Freedom Comes From Within Us

It’s a cold, somber day in Denton. Gray skies set the dark mood for how an entire nation may feel. The back of the UNT Union is empty with the promise of being filled not coming soon enough. A young man is walking across the parking lot with a hoodie and backpack where a sign visibly sticks out. It reads “‘Injustice anywhere, is a threat to Justice everywhere.’ – Rev. Martin Luther King Jr.”

He has locs down to his shoulders and wrapped around his face to keep warm. He reaches the union doors and stands a lone body, taking on the bitter cold with a determination behind his eyes. Soon another body joins him. Then other bodies join them. More signs and posters seem to appear. Now, the once bitter chill warmed by body heat.

In their annual event, Denton residents and students marched through Denton in honor of MLK Day. They took on the cold temperatures under the centralized theme that “Freedom comes from within us.”

The event is a collaborative effort by UNT’s Alphi Phi Alpha, Fraternity Inc., The Denton Police Department, The Denton Black Film Festival, The MLK Recreation Center and many other local organizations. Starting at the Union, they march to the MLK Center. From there, organizers put on a program with a banquet after.

“If I had to put it in one word, I’d say ‘spark,’” said Alpha Phi Alpha President, Tolutope Falana. “Of course we’re here to commemorate a great man with an amazing legacy, but at the end of the day, within celebrating him, if it doesn’t spark you to want to continue his legacy and impact your community in the same realm that he did, then what are you doing?”

That’s the kind of message that they wanted to spread throughout the day. The diverse crowds held signs and flags as they huddled inside the union and heard beginning statements from organizers. Local Denton figures such as activist, Willie Hudspeth and Democratic candidate for Congress Will Fisher were in attendance to spread their messages.

After a brief prayer, the 45-minute march began. UNT Student, Daniel Landry the Third, and the first person at the event, believes MLK Day means carrying on a legacy.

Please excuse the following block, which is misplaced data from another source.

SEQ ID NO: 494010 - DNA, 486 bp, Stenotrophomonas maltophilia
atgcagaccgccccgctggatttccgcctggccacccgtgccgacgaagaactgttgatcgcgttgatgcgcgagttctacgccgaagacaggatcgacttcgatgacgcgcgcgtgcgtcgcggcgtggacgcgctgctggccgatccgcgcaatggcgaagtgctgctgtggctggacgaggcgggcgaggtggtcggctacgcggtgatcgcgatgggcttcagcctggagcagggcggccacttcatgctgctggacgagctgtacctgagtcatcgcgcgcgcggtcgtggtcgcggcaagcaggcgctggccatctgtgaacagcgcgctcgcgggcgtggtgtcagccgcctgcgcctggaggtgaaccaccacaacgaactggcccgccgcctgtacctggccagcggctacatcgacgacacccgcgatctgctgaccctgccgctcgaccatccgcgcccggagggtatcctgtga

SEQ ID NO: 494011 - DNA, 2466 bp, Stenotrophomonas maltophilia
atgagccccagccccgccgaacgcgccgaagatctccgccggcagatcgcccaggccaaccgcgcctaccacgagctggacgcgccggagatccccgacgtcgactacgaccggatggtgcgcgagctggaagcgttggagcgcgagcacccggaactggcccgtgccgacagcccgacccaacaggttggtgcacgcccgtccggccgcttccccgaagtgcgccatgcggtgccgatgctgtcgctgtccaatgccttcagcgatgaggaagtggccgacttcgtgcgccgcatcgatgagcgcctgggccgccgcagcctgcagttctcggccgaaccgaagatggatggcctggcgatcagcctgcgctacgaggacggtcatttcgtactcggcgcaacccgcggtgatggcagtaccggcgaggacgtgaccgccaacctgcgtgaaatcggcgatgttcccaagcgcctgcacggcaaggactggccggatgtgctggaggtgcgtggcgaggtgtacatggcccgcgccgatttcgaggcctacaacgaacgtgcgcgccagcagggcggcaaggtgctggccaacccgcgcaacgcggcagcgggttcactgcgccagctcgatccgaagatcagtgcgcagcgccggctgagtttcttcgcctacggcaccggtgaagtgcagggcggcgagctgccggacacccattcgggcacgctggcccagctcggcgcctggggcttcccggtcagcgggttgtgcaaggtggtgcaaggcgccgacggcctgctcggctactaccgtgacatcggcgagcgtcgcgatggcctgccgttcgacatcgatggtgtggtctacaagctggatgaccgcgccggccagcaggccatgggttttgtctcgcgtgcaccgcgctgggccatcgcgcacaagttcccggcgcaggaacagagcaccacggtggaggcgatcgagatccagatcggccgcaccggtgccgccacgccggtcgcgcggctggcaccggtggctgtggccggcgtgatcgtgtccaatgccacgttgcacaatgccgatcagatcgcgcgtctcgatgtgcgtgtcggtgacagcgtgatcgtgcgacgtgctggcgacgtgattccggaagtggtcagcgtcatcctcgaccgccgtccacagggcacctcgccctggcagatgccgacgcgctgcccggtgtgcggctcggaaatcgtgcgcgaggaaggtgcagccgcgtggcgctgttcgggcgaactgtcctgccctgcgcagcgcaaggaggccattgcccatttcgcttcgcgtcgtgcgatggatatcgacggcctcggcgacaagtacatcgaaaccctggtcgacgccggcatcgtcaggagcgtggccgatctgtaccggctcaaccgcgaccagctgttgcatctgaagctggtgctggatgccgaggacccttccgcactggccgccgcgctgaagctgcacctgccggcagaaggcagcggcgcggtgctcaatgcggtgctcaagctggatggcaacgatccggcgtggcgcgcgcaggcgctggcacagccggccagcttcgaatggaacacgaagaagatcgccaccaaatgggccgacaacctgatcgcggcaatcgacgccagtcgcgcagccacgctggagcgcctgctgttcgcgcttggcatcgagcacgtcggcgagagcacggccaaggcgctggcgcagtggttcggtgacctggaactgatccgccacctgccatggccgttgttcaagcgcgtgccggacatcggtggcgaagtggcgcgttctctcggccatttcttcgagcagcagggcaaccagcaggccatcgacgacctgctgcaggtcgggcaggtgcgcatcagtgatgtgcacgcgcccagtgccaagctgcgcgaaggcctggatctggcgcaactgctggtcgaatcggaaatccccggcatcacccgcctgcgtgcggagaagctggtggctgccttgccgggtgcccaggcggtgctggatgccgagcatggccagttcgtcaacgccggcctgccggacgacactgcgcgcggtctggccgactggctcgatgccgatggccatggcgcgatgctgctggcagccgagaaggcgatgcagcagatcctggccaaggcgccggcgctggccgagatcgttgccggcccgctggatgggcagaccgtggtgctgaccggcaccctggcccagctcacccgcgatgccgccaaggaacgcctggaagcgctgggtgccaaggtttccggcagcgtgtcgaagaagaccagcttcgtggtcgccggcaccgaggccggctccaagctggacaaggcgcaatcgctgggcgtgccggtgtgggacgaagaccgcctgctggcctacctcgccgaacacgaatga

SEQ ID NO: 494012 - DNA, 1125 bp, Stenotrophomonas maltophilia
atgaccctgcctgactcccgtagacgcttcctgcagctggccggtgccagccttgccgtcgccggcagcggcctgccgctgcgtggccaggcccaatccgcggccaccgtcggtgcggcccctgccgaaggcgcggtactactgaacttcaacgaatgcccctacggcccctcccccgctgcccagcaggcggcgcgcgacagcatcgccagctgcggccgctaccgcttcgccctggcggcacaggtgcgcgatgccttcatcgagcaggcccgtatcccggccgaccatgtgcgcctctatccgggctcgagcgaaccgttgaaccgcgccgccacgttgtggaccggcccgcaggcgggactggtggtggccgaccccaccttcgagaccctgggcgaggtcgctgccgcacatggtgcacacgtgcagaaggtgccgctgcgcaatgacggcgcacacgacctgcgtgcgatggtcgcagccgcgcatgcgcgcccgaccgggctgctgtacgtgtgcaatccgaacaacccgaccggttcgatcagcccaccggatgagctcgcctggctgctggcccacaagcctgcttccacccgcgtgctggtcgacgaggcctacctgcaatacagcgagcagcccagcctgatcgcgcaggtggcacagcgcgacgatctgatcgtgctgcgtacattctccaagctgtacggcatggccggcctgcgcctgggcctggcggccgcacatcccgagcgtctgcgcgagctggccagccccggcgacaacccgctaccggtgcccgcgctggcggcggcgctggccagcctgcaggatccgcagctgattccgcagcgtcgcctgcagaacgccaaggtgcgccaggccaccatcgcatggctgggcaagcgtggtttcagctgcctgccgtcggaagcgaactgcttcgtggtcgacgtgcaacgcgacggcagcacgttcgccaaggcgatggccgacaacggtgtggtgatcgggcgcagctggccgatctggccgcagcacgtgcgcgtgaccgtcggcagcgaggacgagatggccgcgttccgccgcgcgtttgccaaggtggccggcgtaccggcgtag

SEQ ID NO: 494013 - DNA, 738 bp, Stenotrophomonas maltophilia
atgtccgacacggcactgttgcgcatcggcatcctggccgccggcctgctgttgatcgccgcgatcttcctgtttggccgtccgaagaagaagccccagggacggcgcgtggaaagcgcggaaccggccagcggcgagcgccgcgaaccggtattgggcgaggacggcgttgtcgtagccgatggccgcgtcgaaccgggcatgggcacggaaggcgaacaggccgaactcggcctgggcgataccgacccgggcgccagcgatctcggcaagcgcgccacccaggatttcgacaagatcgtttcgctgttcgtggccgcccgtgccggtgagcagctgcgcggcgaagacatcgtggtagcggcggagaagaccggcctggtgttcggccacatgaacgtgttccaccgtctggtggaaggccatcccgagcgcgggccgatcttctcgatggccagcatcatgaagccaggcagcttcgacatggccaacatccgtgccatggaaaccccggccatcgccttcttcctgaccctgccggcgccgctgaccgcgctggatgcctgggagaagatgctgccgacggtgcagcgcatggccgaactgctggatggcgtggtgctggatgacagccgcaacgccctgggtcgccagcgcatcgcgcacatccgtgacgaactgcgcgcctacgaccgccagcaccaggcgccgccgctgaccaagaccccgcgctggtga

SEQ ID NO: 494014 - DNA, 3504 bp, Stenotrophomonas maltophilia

“In my mind, we’re continuing a battle that has not yet been won. So, we’re taking time to remember everything the civil rights movement and what Dr. King has done for us.  We do it to live on, keep the fight going and remember the proud history we have. It keeps us moving forward for equality,” Landry said.

People locked arms and sang Negro spirituals as they moved through the city. It’s hard to imagine this same sequence happening lifetimes ago with resistance instead of a joyful nature behind those same songs. Fighting against the bitter cold of the day would never amount to the same fight our ancestors had to go up against. For some of us, they were our grandparents. For others, our aunts and uncles. For many more, our brothers and sisters.

Once at the center, chairs are lined up facing a stage set for the program. Musical acts, singing groups, and performances of all ages entertain for the evening. After trudging through the bitter cold, it’s the light at the end of the tunnel.

Keanna Stallings is the MLK recreation coordinator. She’s one of the organizers and worked tirelessly putting the day’s event together. MLK Day holds purpose for her.

“I truly believe in looking back to see where you’re going forward. I believe in this holiday and why we celebrate it. It brings the community together,” Stallings said.

Belief is the hope that keeps everybody who participated lively throughout the day. That same belief came from within everyone, black to white, who held on to the notion that this day is important enough to take that march.

In little Denton, TX, freedom came from within them and seemed to keep them warm when the world around them was cold.

Header image by Jessika Hardy.

Header layout design by Holden Foster.